Robin Hsu Robin Hsu - 3 months ago 19
C++ Question

C++ template function, same type, multiple instantiations: shares one same copy of code? EVEN in different cpp/object files

For example, consider the following code:

// f.h
template <typename T>
int f(T x) {
return x+1;

If we instantiate it in both

//foo.cpp instantiation:
int i = f(1);


//bar.cpp instantiation:
int j = f(2);

Will the final program uses only one copy of code? Is that so, when
is hidden but only the object file
is provided?

I think, since each cpp files are compiled independently, both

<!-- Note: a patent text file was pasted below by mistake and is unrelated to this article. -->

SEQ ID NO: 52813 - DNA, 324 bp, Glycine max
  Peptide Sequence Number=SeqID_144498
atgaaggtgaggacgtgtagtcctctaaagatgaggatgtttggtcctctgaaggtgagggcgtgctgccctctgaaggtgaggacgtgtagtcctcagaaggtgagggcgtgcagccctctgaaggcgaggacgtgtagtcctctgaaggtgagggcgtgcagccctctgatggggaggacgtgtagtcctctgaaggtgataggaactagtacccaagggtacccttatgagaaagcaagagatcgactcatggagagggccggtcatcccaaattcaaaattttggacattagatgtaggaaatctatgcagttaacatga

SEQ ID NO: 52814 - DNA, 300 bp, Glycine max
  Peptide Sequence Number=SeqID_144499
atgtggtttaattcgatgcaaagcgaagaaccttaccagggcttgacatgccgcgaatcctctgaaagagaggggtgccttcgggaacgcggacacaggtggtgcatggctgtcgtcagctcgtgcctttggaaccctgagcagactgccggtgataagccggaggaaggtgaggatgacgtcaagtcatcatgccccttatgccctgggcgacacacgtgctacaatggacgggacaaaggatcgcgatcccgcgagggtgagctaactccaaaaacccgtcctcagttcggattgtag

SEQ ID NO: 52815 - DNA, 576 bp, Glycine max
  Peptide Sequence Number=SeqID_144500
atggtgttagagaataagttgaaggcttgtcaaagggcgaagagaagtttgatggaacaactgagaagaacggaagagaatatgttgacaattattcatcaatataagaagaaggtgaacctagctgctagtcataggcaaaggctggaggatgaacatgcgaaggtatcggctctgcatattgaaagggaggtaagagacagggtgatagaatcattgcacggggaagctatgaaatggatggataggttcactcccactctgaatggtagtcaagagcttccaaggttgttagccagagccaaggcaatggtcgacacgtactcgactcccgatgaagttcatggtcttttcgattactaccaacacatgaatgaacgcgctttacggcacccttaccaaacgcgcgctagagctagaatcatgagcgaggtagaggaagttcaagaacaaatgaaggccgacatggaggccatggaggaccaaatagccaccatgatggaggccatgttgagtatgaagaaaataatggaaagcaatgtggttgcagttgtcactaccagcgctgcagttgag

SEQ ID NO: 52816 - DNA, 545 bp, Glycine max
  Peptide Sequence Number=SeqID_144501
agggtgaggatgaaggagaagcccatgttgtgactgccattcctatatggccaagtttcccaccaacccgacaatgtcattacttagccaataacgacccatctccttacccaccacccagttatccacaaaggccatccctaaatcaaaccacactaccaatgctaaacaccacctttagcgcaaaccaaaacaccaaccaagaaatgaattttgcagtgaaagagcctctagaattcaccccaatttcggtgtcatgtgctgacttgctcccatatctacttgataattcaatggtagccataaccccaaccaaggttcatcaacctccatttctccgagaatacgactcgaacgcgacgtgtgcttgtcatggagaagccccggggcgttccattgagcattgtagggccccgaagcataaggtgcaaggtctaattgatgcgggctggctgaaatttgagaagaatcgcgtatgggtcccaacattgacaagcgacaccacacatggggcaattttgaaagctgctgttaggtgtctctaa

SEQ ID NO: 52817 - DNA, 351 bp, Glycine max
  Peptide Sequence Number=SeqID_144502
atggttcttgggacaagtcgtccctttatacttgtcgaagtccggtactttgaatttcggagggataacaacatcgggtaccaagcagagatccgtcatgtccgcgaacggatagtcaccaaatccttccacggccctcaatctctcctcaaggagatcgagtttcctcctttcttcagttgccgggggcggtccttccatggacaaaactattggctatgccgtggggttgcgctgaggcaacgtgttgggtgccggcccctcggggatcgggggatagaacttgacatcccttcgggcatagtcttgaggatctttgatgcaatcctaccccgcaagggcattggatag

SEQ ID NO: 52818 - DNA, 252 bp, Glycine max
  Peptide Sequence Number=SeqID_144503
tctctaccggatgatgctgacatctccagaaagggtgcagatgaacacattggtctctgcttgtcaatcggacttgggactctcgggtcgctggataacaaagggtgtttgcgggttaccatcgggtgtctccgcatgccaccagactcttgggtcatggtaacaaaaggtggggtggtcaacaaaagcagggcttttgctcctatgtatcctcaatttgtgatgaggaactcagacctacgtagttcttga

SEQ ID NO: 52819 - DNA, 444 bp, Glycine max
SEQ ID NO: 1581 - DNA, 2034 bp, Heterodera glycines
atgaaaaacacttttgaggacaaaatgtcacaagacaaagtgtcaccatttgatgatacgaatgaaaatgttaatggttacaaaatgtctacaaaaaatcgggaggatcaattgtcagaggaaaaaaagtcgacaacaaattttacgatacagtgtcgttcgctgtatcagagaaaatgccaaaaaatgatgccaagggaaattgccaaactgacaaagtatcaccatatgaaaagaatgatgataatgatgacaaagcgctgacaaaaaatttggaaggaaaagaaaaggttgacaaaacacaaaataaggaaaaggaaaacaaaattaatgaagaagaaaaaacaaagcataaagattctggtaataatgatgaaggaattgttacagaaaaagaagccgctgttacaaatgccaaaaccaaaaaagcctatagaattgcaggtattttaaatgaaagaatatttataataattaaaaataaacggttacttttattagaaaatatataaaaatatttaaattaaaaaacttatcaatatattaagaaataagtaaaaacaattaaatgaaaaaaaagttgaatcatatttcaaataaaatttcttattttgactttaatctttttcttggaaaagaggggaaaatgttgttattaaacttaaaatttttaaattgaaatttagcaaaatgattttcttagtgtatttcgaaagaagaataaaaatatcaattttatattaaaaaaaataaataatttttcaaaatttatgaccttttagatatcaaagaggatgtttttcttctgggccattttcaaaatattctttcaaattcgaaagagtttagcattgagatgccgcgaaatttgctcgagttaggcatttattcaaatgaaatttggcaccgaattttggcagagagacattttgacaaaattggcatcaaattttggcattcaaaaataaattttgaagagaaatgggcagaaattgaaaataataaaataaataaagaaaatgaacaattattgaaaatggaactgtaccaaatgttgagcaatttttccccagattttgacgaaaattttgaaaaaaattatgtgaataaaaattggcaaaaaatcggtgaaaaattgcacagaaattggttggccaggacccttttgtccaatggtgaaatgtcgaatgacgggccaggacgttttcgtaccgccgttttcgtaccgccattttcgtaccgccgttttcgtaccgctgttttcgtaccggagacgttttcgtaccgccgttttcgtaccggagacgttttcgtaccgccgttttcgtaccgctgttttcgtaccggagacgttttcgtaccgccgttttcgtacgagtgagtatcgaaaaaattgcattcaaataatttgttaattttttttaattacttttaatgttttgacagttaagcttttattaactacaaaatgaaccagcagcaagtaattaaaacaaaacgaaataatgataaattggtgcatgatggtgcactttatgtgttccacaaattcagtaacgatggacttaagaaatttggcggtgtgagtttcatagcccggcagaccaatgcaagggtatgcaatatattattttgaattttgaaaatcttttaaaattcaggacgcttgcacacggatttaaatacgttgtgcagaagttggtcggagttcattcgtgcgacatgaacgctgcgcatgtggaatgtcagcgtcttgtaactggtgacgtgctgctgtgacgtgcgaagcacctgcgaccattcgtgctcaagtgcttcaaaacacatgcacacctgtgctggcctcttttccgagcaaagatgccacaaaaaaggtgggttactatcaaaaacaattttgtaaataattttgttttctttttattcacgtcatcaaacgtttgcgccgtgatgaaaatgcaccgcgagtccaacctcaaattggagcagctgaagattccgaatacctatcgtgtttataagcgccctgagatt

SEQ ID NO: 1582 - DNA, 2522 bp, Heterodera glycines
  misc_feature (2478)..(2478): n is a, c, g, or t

must contains
. The linker should see same duplicate signature, and use only one copy. Am I right?


Yes, the linker will generally fold duplicate identical template instantiations away. Doing so is pretty much required to avoid an explosion in binary size when templates are involved, and to maintain some standard required invariants such as equivalence of function pointers. This behavior is sometimes called fold by name.

Beyond that, some linkers will even fold away all symbols that happen to be identical in content (i.e., compile the same code), even if they don't originate from the same definition. This is sometimes called fold by value, but unless done carefully may break the letter of the standard (i.e., because function pointers to different functions now compare equal).